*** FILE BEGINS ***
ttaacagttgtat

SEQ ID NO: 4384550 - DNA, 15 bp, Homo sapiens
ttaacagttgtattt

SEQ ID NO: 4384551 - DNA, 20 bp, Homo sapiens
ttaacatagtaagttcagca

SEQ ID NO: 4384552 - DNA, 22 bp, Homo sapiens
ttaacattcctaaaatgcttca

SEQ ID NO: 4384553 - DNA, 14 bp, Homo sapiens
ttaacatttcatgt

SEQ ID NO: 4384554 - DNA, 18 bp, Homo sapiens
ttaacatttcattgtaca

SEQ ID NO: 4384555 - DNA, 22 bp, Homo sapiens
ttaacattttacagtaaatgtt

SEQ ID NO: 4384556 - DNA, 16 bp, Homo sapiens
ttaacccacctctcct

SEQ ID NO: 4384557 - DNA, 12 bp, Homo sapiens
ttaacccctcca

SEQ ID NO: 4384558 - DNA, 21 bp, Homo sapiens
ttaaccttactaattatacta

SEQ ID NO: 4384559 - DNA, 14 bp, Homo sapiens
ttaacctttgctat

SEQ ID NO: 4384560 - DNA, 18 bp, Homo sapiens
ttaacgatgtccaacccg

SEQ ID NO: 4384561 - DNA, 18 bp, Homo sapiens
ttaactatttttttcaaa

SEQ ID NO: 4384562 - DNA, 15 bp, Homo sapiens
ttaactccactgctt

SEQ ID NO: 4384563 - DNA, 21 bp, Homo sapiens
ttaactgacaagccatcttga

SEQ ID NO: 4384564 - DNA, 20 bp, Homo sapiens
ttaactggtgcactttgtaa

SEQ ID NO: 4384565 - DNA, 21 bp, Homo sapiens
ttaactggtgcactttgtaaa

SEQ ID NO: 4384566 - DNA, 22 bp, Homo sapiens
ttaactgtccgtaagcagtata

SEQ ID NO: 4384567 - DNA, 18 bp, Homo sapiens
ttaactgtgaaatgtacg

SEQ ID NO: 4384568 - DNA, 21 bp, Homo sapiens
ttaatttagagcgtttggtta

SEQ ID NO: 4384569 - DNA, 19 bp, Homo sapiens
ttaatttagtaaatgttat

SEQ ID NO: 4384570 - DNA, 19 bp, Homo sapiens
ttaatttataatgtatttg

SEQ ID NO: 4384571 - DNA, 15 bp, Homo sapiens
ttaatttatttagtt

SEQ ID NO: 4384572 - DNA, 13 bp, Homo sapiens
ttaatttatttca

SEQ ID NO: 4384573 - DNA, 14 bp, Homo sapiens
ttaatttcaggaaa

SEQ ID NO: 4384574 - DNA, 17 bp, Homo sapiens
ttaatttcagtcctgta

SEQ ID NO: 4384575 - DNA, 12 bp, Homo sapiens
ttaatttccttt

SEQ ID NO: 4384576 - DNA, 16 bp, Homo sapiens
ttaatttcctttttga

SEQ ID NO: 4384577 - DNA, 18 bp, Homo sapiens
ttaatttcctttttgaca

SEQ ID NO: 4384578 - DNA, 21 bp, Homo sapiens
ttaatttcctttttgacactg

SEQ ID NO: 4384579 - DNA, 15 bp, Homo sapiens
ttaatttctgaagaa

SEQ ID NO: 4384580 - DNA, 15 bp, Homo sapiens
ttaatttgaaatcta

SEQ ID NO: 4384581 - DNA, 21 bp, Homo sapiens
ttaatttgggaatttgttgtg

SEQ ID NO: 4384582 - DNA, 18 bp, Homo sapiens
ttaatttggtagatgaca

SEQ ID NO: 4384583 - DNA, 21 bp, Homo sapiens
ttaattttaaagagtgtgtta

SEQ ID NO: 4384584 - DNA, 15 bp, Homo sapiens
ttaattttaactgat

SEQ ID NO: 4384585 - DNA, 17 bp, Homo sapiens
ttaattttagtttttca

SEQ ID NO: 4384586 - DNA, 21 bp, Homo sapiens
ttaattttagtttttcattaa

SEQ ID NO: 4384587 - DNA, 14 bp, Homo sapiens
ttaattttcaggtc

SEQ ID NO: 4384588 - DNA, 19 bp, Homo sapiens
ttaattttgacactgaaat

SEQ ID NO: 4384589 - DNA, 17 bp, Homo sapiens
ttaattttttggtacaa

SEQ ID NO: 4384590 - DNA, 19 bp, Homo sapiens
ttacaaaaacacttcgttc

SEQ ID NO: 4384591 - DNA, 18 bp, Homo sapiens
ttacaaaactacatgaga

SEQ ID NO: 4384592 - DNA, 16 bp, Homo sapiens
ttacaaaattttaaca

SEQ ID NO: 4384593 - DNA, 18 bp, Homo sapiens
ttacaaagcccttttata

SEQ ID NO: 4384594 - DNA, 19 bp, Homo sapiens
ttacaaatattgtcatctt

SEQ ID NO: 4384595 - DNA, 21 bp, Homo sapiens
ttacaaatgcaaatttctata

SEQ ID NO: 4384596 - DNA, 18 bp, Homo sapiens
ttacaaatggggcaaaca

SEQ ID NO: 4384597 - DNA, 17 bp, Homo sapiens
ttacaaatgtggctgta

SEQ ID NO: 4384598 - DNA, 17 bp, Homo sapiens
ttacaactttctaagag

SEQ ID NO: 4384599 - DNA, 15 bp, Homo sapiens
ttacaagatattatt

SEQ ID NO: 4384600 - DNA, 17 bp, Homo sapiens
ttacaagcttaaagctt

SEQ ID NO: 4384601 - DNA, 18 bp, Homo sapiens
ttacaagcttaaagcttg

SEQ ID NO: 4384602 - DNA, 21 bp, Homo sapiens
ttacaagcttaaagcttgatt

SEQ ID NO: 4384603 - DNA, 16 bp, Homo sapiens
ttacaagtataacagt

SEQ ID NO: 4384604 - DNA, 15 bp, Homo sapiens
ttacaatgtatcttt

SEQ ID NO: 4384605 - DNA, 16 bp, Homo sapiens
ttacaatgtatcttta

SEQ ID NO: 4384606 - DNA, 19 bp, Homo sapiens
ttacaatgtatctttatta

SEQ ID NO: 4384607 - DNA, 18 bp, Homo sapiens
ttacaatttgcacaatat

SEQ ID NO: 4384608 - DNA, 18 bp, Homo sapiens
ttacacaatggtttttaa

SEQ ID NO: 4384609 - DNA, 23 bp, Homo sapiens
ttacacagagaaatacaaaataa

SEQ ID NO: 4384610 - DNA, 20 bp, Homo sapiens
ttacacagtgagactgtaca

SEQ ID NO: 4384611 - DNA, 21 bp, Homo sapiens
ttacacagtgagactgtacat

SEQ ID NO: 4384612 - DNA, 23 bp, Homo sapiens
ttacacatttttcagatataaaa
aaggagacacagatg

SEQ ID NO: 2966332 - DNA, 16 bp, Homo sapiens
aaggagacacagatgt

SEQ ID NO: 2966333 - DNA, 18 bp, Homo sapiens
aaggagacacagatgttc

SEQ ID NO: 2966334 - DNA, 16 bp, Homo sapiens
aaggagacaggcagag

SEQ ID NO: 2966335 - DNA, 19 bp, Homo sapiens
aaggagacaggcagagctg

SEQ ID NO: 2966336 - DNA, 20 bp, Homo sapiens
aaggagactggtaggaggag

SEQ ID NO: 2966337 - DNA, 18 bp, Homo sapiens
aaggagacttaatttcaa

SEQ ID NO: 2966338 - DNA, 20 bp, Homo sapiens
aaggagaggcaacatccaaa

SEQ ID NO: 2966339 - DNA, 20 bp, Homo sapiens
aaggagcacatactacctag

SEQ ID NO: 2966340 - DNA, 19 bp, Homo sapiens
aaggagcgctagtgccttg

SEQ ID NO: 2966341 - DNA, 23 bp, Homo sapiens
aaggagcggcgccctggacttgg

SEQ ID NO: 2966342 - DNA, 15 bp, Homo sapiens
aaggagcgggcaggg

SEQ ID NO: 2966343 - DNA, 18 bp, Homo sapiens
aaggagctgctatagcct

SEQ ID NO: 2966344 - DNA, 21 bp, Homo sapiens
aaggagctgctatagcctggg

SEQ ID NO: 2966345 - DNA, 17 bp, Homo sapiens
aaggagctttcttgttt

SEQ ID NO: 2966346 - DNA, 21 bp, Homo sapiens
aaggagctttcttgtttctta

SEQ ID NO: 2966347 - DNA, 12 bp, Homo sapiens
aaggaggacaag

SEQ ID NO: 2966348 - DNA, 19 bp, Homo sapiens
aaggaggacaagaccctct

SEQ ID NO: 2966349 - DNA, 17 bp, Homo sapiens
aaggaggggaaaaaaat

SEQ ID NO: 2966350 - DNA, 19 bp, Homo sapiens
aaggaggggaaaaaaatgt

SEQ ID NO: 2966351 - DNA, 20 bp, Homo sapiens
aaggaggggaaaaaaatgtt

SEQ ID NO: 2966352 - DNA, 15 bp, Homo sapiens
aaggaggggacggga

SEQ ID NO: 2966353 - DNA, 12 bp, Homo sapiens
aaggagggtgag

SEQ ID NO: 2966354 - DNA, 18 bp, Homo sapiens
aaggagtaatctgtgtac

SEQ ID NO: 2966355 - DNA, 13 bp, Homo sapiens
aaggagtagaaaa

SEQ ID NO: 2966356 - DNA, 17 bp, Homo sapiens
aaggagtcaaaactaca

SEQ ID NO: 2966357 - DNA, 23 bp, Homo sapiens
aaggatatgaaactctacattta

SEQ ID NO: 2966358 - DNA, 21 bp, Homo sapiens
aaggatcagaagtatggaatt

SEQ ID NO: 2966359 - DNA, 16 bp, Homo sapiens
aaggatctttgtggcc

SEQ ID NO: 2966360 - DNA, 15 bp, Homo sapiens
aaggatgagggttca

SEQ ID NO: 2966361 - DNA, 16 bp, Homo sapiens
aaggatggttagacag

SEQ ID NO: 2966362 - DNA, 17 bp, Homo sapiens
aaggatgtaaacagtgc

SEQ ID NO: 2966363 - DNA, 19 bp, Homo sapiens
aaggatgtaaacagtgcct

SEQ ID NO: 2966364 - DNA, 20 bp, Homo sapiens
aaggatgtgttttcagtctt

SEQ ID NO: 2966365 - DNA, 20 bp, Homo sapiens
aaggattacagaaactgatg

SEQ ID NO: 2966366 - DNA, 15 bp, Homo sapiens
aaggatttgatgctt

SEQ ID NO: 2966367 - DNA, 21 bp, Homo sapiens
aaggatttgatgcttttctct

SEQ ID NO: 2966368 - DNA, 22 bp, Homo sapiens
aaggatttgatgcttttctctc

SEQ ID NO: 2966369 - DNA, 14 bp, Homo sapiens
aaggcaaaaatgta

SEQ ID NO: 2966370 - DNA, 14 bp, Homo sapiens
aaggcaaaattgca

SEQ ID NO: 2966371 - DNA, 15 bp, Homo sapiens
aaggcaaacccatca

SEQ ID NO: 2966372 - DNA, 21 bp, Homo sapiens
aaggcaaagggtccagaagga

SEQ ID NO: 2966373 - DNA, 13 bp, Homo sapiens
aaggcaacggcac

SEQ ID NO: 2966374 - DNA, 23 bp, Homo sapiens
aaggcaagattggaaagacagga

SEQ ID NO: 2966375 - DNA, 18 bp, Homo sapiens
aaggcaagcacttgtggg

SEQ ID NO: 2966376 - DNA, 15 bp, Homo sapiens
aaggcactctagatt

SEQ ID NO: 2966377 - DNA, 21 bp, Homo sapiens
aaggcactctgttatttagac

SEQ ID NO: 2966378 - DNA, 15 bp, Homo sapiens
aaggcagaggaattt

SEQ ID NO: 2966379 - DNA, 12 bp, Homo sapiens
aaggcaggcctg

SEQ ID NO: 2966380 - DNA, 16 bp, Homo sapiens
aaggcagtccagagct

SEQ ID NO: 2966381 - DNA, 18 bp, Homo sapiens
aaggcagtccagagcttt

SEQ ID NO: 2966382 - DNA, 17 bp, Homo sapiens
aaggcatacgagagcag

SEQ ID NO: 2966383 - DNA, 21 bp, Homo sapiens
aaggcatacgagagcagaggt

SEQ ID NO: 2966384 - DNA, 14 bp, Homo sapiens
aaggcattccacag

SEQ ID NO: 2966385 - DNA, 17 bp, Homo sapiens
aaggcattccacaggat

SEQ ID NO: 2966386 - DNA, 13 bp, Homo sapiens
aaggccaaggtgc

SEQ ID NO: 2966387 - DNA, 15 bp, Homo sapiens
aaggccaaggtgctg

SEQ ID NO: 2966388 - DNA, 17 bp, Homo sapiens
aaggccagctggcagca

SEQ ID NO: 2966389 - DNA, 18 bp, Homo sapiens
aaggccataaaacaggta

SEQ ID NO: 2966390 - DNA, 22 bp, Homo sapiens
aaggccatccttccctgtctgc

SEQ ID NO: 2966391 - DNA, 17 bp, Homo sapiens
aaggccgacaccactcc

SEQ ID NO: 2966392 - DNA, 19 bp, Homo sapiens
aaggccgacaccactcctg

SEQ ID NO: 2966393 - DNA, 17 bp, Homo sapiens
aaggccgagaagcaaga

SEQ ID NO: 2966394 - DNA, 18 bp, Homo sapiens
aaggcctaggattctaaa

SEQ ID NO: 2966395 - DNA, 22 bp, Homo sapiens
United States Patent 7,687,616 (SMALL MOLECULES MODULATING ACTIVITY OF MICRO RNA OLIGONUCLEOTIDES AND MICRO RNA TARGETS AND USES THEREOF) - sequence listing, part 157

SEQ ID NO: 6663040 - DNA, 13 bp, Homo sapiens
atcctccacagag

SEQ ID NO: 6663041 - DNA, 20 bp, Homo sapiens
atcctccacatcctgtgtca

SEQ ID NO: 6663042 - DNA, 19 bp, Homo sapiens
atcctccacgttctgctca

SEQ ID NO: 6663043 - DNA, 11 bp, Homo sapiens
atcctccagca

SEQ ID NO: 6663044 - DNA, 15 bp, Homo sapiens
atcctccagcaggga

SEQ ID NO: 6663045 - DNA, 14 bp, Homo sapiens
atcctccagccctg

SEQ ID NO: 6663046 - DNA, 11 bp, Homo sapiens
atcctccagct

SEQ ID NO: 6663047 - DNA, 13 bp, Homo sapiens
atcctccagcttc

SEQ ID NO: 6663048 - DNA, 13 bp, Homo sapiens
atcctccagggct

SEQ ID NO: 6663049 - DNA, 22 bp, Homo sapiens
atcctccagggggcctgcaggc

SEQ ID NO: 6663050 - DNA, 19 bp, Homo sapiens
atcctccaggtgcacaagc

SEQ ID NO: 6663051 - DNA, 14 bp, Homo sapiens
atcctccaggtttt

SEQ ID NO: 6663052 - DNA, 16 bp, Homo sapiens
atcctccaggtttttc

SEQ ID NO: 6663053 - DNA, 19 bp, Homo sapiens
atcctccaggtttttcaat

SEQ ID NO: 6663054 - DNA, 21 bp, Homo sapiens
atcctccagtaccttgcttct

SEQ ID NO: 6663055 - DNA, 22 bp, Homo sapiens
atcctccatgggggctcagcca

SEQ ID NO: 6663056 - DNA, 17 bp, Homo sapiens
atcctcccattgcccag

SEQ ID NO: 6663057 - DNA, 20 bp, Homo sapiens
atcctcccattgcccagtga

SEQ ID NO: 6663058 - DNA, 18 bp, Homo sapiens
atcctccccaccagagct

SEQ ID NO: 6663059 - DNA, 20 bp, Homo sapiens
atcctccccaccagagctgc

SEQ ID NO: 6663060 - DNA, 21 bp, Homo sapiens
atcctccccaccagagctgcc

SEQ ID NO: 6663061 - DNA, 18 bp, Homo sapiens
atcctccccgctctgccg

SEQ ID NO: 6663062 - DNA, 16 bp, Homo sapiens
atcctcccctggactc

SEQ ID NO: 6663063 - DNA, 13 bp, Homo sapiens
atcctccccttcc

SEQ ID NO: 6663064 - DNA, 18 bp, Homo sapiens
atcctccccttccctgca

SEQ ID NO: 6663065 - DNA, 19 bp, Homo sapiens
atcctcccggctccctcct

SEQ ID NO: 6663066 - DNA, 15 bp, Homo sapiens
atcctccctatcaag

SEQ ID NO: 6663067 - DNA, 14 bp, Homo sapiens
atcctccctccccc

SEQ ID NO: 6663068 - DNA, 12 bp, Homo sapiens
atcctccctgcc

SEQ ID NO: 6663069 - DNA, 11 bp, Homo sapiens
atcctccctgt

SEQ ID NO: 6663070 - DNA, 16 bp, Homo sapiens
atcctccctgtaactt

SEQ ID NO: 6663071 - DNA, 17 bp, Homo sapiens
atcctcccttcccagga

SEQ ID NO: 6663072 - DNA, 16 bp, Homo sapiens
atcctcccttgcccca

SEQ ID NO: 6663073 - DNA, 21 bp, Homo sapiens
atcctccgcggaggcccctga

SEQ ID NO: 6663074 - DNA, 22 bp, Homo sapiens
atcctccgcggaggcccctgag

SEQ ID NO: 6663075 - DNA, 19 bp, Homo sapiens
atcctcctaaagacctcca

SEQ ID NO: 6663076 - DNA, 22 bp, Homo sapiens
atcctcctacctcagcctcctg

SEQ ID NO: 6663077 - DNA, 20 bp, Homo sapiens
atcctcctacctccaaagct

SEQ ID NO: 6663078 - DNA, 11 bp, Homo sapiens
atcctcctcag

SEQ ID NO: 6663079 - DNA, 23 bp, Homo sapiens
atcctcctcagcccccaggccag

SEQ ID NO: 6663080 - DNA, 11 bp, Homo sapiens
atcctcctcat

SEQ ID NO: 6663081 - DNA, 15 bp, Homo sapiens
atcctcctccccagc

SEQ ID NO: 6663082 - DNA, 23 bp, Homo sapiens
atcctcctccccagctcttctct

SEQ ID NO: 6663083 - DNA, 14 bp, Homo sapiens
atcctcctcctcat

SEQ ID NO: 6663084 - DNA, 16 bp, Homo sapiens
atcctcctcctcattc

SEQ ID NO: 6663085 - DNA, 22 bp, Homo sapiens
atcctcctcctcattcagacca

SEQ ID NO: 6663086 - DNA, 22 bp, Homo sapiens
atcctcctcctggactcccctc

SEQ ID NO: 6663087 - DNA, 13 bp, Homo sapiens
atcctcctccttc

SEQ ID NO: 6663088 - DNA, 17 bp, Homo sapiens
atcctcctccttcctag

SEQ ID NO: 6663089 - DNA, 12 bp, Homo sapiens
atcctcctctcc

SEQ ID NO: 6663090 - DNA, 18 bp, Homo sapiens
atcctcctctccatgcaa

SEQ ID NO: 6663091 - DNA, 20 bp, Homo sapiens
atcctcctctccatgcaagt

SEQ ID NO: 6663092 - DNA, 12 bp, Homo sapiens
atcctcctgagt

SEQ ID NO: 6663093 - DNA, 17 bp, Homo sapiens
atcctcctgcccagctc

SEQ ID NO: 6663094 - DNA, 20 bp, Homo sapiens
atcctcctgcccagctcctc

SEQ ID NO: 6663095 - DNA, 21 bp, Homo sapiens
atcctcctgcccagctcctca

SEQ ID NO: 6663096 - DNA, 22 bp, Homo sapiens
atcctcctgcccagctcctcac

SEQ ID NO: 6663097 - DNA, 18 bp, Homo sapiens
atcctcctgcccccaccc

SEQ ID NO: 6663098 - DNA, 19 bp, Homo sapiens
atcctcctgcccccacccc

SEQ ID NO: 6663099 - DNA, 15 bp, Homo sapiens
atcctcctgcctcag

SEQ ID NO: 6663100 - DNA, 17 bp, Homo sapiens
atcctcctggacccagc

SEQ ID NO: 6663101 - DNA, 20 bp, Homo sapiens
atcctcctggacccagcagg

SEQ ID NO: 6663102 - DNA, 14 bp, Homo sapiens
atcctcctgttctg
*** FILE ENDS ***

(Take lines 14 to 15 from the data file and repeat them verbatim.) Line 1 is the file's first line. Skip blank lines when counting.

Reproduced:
SEQ ID NO: 4384556 - DNA, 16 bp, Homo sapiens
ttaacccacctctcct